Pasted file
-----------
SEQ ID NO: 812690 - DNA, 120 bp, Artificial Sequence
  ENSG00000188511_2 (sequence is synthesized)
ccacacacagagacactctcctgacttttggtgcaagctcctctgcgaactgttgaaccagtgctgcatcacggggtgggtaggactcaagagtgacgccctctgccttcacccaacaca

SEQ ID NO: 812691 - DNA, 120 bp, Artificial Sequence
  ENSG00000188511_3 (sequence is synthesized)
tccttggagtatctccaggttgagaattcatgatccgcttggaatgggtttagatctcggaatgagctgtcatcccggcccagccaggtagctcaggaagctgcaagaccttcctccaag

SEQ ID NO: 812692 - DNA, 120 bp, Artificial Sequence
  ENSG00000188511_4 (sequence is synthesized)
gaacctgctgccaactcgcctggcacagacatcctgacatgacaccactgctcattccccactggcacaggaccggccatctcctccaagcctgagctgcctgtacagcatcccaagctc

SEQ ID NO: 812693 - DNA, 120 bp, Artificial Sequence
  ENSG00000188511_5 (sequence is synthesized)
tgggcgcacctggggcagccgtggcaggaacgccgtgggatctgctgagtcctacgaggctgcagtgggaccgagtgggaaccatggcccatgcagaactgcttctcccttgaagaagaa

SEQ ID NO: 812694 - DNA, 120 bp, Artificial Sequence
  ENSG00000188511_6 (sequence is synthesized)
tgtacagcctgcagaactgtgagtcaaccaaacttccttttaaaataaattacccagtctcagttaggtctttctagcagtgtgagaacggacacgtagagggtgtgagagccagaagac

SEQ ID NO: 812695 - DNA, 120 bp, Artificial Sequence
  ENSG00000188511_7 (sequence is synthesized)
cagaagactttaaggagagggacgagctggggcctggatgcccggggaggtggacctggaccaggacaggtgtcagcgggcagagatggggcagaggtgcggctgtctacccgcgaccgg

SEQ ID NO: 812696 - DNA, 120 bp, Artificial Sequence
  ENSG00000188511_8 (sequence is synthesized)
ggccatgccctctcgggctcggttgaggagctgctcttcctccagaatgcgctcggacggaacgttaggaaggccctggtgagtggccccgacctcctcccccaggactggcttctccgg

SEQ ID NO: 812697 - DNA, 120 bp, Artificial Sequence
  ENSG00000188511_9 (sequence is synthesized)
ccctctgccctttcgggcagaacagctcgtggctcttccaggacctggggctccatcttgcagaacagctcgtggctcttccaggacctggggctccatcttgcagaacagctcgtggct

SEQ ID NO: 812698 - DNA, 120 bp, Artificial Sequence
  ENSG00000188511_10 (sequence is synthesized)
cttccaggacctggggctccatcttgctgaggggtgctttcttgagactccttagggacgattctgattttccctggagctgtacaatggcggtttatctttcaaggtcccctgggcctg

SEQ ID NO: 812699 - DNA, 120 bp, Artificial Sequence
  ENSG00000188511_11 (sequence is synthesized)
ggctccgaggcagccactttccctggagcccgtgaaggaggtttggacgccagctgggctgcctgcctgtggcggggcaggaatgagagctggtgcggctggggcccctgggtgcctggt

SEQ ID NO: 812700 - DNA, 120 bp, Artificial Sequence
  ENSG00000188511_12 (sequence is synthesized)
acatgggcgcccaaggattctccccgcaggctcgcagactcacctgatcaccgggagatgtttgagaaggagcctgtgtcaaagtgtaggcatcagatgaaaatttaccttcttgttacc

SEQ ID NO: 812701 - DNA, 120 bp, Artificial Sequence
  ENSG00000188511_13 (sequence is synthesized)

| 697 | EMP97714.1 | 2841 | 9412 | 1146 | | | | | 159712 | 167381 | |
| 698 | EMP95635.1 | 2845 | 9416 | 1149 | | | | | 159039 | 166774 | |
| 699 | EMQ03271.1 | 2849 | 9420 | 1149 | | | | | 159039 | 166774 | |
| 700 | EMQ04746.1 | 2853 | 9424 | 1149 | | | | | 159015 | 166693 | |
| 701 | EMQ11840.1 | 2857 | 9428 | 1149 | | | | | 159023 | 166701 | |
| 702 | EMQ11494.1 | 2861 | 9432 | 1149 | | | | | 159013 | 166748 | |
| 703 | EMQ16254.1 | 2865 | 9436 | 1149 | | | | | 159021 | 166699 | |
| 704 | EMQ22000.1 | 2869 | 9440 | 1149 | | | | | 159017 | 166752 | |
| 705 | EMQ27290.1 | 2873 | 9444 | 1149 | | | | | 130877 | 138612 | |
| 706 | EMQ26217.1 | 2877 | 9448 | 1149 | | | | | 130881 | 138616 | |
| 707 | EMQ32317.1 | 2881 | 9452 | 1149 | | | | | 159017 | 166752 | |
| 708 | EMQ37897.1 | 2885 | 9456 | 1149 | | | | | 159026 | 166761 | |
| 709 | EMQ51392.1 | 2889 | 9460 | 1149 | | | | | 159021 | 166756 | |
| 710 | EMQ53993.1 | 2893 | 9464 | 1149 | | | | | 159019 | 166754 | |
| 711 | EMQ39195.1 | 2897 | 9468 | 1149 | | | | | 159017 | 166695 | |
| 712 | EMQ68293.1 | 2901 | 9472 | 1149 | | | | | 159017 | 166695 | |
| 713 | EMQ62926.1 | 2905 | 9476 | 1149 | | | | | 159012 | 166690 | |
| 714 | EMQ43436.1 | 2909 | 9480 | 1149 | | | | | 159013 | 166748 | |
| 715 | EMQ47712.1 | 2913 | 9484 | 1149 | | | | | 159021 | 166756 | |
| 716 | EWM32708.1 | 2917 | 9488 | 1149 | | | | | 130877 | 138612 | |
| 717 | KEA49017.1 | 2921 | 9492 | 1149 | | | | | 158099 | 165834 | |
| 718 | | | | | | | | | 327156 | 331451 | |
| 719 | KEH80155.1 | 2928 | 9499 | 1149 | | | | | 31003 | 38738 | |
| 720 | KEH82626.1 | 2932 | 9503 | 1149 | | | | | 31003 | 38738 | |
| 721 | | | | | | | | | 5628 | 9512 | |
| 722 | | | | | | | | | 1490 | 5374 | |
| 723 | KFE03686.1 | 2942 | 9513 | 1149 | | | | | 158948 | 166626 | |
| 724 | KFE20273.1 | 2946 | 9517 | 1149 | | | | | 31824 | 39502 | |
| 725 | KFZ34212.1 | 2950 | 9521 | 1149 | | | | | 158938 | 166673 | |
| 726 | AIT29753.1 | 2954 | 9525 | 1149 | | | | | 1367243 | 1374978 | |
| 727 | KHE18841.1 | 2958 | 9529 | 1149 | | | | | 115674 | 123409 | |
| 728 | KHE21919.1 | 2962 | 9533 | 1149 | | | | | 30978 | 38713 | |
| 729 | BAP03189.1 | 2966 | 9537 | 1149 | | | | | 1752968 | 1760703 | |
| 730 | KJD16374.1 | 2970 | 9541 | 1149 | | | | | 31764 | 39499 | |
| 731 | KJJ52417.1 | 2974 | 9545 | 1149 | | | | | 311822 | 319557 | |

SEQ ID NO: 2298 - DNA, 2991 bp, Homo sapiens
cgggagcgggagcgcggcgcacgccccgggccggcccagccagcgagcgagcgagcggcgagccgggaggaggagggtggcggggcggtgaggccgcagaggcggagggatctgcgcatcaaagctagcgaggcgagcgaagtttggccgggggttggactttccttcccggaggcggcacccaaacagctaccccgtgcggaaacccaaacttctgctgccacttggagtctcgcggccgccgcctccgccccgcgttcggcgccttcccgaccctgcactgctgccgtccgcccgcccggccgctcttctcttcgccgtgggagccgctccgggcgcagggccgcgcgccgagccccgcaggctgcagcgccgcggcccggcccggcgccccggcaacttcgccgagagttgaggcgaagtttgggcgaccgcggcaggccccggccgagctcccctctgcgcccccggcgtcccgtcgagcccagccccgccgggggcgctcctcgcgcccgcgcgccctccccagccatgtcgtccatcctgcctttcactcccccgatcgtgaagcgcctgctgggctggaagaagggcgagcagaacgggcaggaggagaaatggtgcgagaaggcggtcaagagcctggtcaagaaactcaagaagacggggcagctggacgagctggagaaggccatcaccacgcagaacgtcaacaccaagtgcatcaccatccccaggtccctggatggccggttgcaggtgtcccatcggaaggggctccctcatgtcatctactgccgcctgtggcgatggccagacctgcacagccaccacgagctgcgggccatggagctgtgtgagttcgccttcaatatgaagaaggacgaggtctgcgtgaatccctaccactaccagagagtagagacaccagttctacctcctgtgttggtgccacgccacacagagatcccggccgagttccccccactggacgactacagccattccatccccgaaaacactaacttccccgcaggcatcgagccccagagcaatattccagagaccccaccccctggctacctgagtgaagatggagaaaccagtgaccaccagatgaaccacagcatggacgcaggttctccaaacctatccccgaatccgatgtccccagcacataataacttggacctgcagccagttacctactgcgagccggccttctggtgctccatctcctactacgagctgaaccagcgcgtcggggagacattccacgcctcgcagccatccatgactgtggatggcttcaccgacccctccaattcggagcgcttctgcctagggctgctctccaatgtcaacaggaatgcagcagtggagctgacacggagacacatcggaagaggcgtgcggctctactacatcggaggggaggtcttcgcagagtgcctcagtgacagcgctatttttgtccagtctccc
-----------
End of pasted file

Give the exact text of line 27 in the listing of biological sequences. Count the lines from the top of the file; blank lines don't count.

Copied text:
cttccaggacctggggctccatcttgctgaggggtgctttcttgagactccttagggacgattctgattttccctggagctgtacaatggcggtttatctttcaaggtcccctgggcctg